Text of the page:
In the first of our Q&A series exploring the four Rs of plastics (Refuse, Reduce, Reuse, Recycle), we chat with Martina Schwarz, founder of Blackmarket. With a mission to reduce our reliance on plastic packaging, Martina discusses her recent innovations and her future aspirations, all focused on addressing key challenges in plastic consumption.
Hi Martina! Can you tell us a little bit about yourself?
My background is in brand visual execution, helping companies such as Unilever, Procter & Gamble, and Kellogg’s manage complex projects on a global scale. While working full-time in the packaging design industry, I also completed an MBA, a joint program between Central Saint Martins and Birkbeck, University of London (finished in 2020).
I have now created a product, a refillable liquid handwash called Blackmarket, with the primary ambition of eliminating the need for single-use plastic packaging in the beauty and personal care space.
Where do you see your work in relation to the plastics circular economy?
Well, my career began by working with brands to design packaging that would optimise sales. Great packaging design is an art form and works very much on a subconscious level. We designed for all packaging formats, including plastic, so we were essentially promoting a linear economy.
Luckily, some of these companies now realise there is an urgent need for change. However, industry leaders are still not adapting quickly enough to the climate crisis. This is why I decided to leave the world of large consumer packaged goods. Their supply chains are highly optimised and generally risk-averse, so there is little space for more radical innovation.
Through Blackmarket, my primary ambition is to eliminate the need for single-use plastic packaging in the beauty and personal care space. I make business decisions based on the waste hierarchy. Reduction will always be my top priority, followed by reuse and recycling.
In your opinion, what is the biggest plastics-related challenge we face?
Where do I start?! There are many challenges, but my top two are behavioural and material. The problem with plastics is that they are too good, they are cheap, light, and durable. We need to radically reduce how much plastic we use, but this requires behavioural change. First, by adopting reuse systems, but also by increasing recycling rates. From a materials perspective, we have plenty of plastic polymers, we don’t need. We need to become better at recycling what we already have. There is a huge segmentation in plastic recycling infrastructure, with not all resins accepted across Europe. New materials should focus on plastic alternatives, which are safe, don’t deplete our natural resources, and have a viable end-of-life waste management infrastructure.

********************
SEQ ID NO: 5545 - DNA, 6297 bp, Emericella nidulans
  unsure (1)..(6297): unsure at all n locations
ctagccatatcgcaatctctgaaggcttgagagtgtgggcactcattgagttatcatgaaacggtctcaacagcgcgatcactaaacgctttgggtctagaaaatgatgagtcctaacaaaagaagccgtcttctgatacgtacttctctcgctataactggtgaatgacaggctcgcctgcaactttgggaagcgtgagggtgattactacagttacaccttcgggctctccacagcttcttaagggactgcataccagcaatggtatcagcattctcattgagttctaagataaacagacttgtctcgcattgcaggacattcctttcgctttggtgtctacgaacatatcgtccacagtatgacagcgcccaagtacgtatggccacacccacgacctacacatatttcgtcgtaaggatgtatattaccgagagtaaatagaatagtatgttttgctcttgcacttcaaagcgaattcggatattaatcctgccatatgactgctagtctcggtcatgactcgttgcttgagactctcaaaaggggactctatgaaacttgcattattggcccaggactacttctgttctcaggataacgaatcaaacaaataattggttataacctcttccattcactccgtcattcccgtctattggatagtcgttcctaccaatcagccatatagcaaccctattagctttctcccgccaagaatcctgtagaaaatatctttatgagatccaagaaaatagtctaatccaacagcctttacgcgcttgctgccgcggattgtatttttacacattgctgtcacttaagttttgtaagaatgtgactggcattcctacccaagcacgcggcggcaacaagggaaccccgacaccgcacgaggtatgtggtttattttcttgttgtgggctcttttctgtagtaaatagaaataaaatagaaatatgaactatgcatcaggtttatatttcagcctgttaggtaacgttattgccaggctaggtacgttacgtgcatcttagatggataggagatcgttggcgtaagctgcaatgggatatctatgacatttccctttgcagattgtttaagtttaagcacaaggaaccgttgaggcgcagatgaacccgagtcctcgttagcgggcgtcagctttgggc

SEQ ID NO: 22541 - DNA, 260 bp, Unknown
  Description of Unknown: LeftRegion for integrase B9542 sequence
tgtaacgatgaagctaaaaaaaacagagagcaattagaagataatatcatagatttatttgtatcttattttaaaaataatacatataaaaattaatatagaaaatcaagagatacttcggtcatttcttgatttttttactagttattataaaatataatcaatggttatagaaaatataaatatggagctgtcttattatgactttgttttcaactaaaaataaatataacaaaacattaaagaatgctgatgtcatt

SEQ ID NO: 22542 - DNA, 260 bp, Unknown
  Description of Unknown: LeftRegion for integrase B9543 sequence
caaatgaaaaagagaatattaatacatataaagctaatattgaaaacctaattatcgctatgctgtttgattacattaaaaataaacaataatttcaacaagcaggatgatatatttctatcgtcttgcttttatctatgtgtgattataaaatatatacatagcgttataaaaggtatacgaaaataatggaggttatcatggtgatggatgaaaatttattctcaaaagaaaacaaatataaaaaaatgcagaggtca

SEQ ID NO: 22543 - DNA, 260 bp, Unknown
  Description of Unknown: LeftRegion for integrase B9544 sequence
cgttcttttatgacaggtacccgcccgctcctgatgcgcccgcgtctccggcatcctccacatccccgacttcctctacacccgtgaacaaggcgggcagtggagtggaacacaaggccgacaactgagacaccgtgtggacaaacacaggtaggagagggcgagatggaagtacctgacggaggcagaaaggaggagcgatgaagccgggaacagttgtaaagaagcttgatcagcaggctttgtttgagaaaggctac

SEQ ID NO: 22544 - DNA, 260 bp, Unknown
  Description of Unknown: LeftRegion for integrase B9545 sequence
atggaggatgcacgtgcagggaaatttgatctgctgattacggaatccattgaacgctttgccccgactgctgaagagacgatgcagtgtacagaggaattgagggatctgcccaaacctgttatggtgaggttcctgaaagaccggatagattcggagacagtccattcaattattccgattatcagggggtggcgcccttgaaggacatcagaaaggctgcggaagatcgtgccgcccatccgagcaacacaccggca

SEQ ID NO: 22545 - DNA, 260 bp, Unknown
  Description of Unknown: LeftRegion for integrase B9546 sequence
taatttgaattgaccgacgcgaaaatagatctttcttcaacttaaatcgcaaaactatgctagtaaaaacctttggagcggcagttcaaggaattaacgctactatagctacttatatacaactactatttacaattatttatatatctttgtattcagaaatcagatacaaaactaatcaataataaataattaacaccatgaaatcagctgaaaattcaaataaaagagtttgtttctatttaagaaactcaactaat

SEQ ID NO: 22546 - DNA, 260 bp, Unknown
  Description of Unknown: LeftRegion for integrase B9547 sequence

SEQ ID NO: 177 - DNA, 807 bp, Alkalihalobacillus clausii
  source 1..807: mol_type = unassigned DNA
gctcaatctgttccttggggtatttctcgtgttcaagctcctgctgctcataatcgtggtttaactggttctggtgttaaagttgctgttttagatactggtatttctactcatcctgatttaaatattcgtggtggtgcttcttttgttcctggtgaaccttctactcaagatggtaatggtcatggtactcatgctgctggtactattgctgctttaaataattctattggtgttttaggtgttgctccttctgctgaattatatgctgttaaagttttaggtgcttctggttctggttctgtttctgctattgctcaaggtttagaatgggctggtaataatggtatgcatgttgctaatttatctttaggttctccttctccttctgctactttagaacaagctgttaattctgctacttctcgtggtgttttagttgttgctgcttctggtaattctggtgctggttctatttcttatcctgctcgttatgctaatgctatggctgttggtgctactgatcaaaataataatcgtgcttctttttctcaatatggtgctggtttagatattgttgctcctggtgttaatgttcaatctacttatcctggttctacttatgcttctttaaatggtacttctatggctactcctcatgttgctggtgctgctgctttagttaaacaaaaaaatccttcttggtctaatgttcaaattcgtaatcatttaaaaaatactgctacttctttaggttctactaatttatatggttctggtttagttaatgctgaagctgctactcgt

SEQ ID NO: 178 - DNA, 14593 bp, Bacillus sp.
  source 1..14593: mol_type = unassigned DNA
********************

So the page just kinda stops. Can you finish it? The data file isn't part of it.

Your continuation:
A practical example of material challenges is multi-material components. The plastic pumps we use are reusable, but not easily recyclable because they include different materials. There are pumps that claim to be recyclable, but minimum order quantities are beyond what we are able to order at this point and we would need greater reassurance that these components are actually recyclable.
How does your work support householders in addressing these challenges?
My work focuses on making it easier for householders to do the right thing both behaviourally and from a material recycling perspective. Changing behaviours is hard, so we have designed a product to reduce friction for householders, making it easier to adopt pro-environmental behaviours.
The product I developed is a liquid handwash, but it is unique through its delivery method: powder concentrates packed in a dissolvable film. Most personal care products are made of 80% water and because they are liquid, they need to be packaged in a non-porous material such as plastic, glass or aluminium. I realised that once water is removed from the formula we are mostly left with powder based ingredients. A powder can be packaged in different materials. The one I selected is a dissolvable film, which dissolves in contact with warm water. It’s the same material we know from dishwasher or laundry tablets.
Essentially the packaging becomes part of the product itself. The refills are concentrated and therefore much lighter than a traditional liquid handwash. In concrete terms, the refills are 95% lighter than competitors, reducing carbon emissions from transportation.
As for the end-of-life journey, since our handwash doesn’t require single-use plastic packaging, we eliminate the confusion on how to recycle the material. Our refills come in a cardboard box, which is widely recyclable and made from 100% post-consumer waste material. We also include simple and straightforward instructions on how to mix the handwash and how to recycle the packaging.
I hope to develop more personal care products in the future, through the same delivery method, to make it easier for householders to do the right thing. Switching your handwash alone, won’t save the planet, but it is a small step in the right direction!
What are your future goals to rethink ethical consumerism in relation to single-use plastics?
My ambition is to make it easier for consumers to radically reduce unnecessary waste. This might be single-use plastic, but there is a lot of hidden waste we don’t think about. For example, when washing your hands, turning off the water tap has a big impact on how environmentally friendly this activity is. A reusable coffee cup doesn’t mean we shouldn’t reduce our long-haul flights. It’s all connected. Plastic is a serious problem, but ethical consumerism shouldn’t be limited to this polymer. We all need to look at our consumption in a holistic way, becoming more conscientious of our decisions, and how our actions contribute to climate change.
Thank you, Martina, for your thoughts!